Oxford Historical Society
We are responsible for preserving all that has come to us from those who have come before us. We are equally responsible to those who will come after us.
Twitchell-Rowland Homestead
60 Towner Lane, Oxford, CT 096478
circa 1750
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All donations will go for the long-term preservation of the Twitchell-Rowland Homestead and future non-recurring expenses. Funds will be managed by the Connecticut Community Foundation.
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Essie Lydon and Nancy Farnum fold a 9-patch quilt for the Twitchell-Rowland Home-stead Museum's current display "Quilts: Recycled Winter Warmth."  The quilts were made in New Milford between 1845 - 1930 by family members of Oxford Historical Society Vice-President Rob Buck.  The exhibit will be open to the public on the first and third Sundays of each month from 2-4 p.m. or by appointment. The Twitchell-Rowland Homestead Museum is located at 60 Towner Lane, off Route 67 in Oxford.  Admission is free. For further information call (203) 888-0230.
This 2008 photo by Cathy Helm, shows Mrs. Ruth Willard, then-owner of the  school-house. The building is in need of repairs and has been offered to the Oxford Historical Society for removal to the Twitchell- Rowland Homestead Museum property on Towner Lane. The Society is seeking grants and donations to cover some of the costs of preservation.
                                                 News! News ! News!
We are thrilled to announce the Community Support Committee has recommended that the Selectmen approve funding for the project proposed by the Oxford Historical Society at their Dec. 10, 2018 meeting at Oxford Town Hall. The proposal awaits final approval by the Board of Selectmen. Under the plan, the town will use up to $18,500 for a structural mover to transport the Munn Schoolhouse from its current site on Route 67 to the OHS campus at 60 Towner Lane. The owner of the schoolhouse, Dan Sears, offered the schoolhouse to the Society but they had to take it away.

This will be a multi-stage and more than year-long project as the building has to be carried down Route 67 and under more than 25 overhead wires.

September 28, 2006: The Twitchell-Rowland Homestead was saved from demolition when the Historical Society moved it to land donated by Mr. and Mrs. Fred Rowland on Towner Lane.

                                 We Did It Once Already;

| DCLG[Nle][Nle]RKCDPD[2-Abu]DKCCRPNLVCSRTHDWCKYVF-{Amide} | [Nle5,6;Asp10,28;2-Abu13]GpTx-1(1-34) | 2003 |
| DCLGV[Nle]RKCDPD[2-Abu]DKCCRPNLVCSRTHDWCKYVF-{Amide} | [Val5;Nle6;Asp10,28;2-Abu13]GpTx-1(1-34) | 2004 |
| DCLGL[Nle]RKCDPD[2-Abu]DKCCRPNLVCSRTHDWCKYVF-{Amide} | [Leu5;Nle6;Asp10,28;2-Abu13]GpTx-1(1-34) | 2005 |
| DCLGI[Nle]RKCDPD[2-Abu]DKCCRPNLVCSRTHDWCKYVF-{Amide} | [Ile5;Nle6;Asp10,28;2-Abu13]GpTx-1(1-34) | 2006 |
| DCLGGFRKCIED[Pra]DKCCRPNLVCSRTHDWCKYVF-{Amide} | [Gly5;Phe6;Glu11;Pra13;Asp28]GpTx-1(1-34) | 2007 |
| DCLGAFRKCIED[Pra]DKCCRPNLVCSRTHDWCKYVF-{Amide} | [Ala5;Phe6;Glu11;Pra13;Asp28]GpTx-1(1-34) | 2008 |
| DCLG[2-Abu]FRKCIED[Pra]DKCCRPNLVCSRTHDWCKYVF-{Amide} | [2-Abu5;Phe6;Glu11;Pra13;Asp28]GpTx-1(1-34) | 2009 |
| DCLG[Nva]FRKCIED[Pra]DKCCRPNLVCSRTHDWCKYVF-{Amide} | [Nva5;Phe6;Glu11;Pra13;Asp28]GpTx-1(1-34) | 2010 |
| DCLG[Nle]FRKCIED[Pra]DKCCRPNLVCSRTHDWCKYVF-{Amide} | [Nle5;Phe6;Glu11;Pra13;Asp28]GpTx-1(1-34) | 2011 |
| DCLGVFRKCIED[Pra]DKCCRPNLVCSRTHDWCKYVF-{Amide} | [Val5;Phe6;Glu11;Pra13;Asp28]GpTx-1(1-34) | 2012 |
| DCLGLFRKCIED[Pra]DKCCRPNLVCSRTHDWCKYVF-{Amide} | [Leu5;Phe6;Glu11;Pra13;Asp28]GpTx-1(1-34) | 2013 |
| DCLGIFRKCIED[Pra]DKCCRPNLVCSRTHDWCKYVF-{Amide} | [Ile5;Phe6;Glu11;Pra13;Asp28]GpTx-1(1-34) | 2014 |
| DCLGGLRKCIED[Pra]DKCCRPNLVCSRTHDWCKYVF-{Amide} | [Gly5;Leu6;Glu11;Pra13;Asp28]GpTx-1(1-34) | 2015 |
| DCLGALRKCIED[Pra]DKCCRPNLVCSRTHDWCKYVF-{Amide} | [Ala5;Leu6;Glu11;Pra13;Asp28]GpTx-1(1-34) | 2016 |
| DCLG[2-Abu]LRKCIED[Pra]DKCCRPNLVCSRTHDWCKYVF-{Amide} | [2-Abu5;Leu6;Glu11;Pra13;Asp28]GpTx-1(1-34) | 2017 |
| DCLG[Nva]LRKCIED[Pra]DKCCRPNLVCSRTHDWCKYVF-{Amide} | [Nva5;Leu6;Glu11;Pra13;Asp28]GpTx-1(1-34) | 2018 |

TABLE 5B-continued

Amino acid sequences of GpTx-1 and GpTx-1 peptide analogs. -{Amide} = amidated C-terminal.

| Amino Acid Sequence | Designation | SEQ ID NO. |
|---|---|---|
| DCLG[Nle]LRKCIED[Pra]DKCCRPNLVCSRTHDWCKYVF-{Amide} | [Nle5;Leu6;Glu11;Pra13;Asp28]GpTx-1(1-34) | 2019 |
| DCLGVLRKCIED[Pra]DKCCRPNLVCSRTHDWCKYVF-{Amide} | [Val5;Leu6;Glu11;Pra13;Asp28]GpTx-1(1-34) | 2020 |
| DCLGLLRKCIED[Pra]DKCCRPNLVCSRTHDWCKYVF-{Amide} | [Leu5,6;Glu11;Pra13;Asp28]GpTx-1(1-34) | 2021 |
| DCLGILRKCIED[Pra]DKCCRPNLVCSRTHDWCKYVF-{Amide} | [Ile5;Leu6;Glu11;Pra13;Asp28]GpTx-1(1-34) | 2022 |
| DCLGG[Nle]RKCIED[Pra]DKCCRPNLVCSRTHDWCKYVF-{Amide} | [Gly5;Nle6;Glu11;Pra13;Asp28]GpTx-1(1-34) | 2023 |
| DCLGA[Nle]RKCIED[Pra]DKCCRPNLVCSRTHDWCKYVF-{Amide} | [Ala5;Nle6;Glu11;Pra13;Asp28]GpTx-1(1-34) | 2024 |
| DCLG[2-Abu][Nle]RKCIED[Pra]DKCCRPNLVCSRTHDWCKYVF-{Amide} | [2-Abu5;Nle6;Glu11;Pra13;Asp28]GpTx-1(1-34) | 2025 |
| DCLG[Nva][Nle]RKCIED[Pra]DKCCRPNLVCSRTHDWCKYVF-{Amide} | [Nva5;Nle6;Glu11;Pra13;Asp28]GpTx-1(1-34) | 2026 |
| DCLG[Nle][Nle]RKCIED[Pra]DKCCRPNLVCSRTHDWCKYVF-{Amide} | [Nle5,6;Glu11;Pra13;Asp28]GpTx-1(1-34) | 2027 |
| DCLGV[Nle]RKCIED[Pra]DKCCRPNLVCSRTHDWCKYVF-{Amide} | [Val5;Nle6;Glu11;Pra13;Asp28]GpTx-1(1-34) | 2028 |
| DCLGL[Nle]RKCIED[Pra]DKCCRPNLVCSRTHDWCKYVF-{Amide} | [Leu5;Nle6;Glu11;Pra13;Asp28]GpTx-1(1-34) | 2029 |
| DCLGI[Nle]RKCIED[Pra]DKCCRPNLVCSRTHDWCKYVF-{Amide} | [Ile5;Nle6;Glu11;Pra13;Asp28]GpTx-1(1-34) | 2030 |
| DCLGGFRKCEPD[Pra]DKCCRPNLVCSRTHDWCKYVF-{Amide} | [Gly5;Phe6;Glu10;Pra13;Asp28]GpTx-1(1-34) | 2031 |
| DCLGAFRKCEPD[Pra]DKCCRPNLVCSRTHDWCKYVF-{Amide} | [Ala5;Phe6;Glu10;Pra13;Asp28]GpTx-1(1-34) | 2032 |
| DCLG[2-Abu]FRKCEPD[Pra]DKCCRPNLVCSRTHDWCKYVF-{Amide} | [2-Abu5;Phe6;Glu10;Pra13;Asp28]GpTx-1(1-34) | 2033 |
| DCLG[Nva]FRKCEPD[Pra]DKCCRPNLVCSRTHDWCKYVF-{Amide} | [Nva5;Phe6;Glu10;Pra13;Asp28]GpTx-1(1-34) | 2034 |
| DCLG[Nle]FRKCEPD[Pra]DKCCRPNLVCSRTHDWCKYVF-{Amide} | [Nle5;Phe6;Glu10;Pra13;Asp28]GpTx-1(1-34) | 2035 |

With Your Help, We Can Do it Again!

For the Oxford Historical Society this is an encore performance as the museum at 60 Towner Lane was moved from Christian Street back in 2006 in order to save the 200 year old house from demo- lition. After years of work, the Twitchell Rowland Homestead opened to the public in 2012. It is open to the public for various events and for regularly scheduled Open House Sundays each month

WWII Revisited, Oxford Historical Society's newest book.

Like many Americans, Oxford families sacrificed much during World War II. One such family was that of J. Edward Miles on Chestnut Tree Hill Road. During the war years, the family bid farewell to five of their sons and a son-in-law as they left to serve their country. One son, the eldest of the five sons to serve, Sgt. David Sheldon Miles, died aboard the SS Dorchester on February 3, 1943 as the result of enemy action when a German submarine torpedoed the transport ship in the North Atlantic while carrying some 903 men to Greenland.

In a letter dated June 1, 1943, to a niece after confirmation of her sons death, Susannah Williams Miles lamented, We all feel terrible but there isnt anything we can do about it. It is the first break in my family so it is pretty hard to bear. We must think it is all for the best and we are not alone in our troubles.

Two other sons served abroad, Sgt. Robert Newsome Miles on the Aleutian Islands in the Bering Sea, and Sgt. H. Wilson Miles in Germany. Both Sgt. Edward Upson Miles and Sgt. Franklyn Russell Miles served at Armed Forces bases in this country. Franklyn went on to serve his country in the US Air Force for a total of twenty years.

Son-in-law Benjamin V. Samoker married Frances Miles, a sister of the five servicemen, in 1941, and had a new baby girl when he answered his countrys call to duty by joining the US Navy and serving in Panama for almost two years.

On the cover of a new book is a photo of the five service men at the Miles family homestead on Chestnut Tree Hill Road. Standing proudly in uniform, left to right are: Benjamin Samoker, Robert, Franklyn, Edward, and H. Wilson Miles in 1945.

The book, World War II Revisited, by Oxford native, Audrey Cable Linke, will be on sale for the first on Sunday at the Oxford Historical Society's Twitchell-Rowland Homestead, 60 Towner Lane, from 2 to 4 p.m.

Thanks to Jane Hulbert and Marcia Wrogg for the photo and the family background used on the cover of this new boo